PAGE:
Want more money? There are two things you can do: spend less or make more. Personally, I’m a fan of the latter. Combine making more money with innate love of saving and you have an instant recipe for wealth. Okay, not instant wealth — but a better bank account and investment portfolio than a lot of your friends! One of the ways to be increasing the amount of money you make isn’t to go begging to your boss for a raise, but to invest in “the economy of you.” Evaluate your skills and use them to increase your profitability with a side hustle.
Kimberly Palmer, author of ‘The Economy of You: Discover Your Inner Entrepreneur and Recession-Proof Your Life,’ decided to do just that.
Not only did Kimberly develop her own side business with PalmersPlanners – planners to help navigate major life events and reach goals – but she literally wrote the book on how to develop your side gig.
In her new book, ‘The Economy of You’, Kimberly tells her own journey into side hustling, profiles a variety of side giggers and details ways to use your unique talents to start earning money. One of my favorite stories features a meeting planner for a consulting firm who moonlights as a professional opera singer. She uses her lunch breaks to go into the parking garage at work and rehearse!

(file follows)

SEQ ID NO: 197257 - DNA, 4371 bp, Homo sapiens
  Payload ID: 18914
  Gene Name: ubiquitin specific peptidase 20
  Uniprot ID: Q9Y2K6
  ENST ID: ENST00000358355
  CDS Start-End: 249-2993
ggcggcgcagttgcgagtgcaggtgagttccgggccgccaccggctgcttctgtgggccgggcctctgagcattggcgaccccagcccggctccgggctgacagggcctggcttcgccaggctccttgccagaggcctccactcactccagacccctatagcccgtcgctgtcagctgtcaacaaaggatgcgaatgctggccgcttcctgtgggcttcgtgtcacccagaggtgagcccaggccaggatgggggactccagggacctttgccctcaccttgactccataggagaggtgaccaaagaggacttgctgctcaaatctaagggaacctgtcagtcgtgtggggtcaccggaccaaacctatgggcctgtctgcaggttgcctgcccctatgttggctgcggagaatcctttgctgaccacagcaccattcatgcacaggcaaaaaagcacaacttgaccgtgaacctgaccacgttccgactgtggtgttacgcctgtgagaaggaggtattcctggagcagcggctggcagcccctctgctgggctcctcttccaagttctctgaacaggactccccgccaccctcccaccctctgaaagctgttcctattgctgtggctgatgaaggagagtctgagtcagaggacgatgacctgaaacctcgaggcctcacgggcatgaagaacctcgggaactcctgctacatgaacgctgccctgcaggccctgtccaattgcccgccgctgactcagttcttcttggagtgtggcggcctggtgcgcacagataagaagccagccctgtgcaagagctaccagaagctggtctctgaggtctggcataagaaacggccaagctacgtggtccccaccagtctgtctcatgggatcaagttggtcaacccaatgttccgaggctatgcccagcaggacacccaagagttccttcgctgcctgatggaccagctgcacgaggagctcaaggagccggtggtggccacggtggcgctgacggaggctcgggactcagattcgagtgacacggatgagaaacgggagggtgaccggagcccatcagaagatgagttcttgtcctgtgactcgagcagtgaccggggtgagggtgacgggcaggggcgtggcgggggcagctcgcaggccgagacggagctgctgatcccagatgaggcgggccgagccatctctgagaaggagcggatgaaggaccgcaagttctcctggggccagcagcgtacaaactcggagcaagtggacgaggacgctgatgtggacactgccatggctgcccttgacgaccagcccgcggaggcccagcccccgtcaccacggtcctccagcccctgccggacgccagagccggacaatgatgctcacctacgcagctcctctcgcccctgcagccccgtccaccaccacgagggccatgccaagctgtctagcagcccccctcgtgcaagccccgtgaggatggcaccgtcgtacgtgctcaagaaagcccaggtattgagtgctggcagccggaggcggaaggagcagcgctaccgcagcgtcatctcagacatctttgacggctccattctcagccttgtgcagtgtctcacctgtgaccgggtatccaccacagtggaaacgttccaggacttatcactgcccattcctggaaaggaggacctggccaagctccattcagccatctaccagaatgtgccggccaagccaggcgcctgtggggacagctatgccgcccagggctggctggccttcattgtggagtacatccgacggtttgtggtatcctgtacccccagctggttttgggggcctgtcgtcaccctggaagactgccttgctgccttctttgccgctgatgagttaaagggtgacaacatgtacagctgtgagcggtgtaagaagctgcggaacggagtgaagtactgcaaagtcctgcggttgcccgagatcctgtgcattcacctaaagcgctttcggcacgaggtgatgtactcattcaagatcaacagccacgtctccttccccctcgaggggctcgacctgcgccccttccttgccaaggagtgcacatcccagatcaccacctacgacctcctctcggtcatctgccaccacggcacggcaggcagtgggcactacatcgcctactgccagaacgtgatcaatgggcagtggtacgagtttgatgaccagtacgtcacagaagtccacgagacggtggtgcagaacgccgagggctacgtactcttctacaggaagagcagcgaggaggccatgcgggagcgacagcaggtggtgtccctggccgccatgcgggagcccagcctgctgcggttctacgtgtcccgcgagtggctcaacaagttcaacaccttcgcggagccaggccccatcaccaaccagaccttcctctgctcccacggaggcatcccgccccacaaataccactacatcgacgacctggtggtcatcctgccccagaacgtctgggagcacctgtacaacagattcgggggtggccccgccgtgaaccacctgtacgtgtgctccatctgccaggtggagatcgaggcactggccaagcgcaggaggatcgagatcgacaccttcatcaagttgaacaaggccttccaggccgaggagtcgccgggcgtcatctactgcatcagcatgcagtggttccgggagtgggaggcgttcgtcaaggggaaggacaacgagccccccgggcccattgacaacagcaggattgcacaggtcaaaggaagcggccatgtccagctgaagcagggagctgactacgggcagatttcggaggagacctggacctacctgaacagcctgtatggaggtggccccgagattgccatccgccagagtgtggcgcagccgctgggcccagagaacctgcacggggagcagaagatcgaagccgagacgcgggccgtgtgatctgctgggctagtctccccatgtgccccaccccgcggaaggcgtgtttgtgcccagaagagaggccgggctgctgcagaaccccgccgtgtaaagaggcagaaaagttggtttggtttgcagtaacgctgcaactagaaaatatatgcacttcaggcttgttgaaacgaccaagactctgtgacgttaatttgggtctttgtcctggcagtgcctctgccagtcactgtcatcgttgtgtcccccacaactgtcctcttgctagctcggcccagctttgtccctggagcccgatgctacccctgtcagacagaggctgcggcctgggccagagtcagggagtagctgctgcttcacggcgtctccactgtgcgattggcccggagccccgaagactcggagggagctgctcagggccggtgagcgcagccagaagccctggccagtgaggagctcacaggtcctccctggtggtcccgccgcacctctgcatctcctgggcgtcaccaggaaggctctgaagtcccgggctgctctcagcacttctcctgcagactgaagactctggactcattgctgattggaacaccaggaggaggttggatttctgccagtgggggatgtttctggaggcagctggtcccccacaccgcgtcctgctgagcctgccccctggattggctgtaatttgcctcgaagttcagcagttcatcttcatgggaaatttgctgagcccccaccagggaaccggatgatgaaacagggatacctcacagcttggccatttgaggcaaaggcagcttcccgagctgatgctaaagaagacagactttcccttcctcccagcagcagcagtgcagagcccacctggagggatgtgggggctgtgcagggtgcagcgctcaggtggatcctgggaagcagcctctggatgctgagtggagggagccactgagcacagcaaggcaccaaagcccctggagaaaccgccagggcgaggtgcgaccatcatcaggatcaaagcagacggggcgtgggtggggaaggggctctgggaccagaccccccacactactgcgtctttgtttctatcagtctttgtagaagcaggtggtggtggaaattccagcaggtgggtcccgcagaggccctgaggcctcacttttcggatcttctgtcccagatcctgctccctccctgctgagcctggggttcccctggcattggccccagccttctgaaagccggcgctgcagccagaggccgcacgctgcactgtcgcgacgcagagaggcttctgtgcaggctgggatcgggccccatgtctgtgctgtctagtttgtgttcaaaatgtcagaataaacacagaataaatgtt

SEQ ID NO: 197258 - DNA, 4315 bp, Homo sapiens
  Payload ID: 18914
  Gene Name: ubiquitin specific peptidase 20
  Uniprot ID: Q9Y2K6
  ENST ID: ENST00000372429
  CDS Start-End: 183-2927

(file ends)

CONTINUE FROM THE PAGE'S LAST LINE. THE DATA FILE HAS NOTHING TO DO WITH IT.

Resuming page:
Kimberly takes you through the highs-and-lows of working an extra job (or jobs) in addition to your full-time employment. Her book also features Q&As with successful side giggers so it only seemed fitting to profile her in the same manner.
KP: I realized there was a massive trend afoot when it came to mastering the new economy — people were taking control of their careers, and financial lives, by launching side-businesses that generated extra income on top of their full-time jobs as well as a safety net in case their full-time jobs disappeared. Not only did I know I had to be a part of it by launching my own side-business, but as a writer, I wanted to document these incredible stories and provide a roadmap for people hoping to do the same thing.
KP: Luckily my own day job makes it pretty easy for me to meet new, interesting people all the time. As a reporter, I’m constantly looking for people to interview, and many of the side-giggers in my book were people I first met through my reporting at US News & World Report. Some of them also came from personal connections — as soon as I started talking about what my book was about, people would tell me about their friend, or brother, or father who was in the midst of launching a side-gig. I ended up with many more people than I could even hope to include.
3) Which profiled side gig is your favorite?
KP: Don’t invest in all tech stocks. Seriously, I did this. It was when I was first starting out with managing my own investments in the early 2000s. It did not end well. From then on, I’ve stuck with a much more diversified portfolio.
If you’re trying to figure out how to get started on that side-business then head over to Amazon and snag a copy of The Economy of You! (yes, that is an affiliate link my money-savvy friends).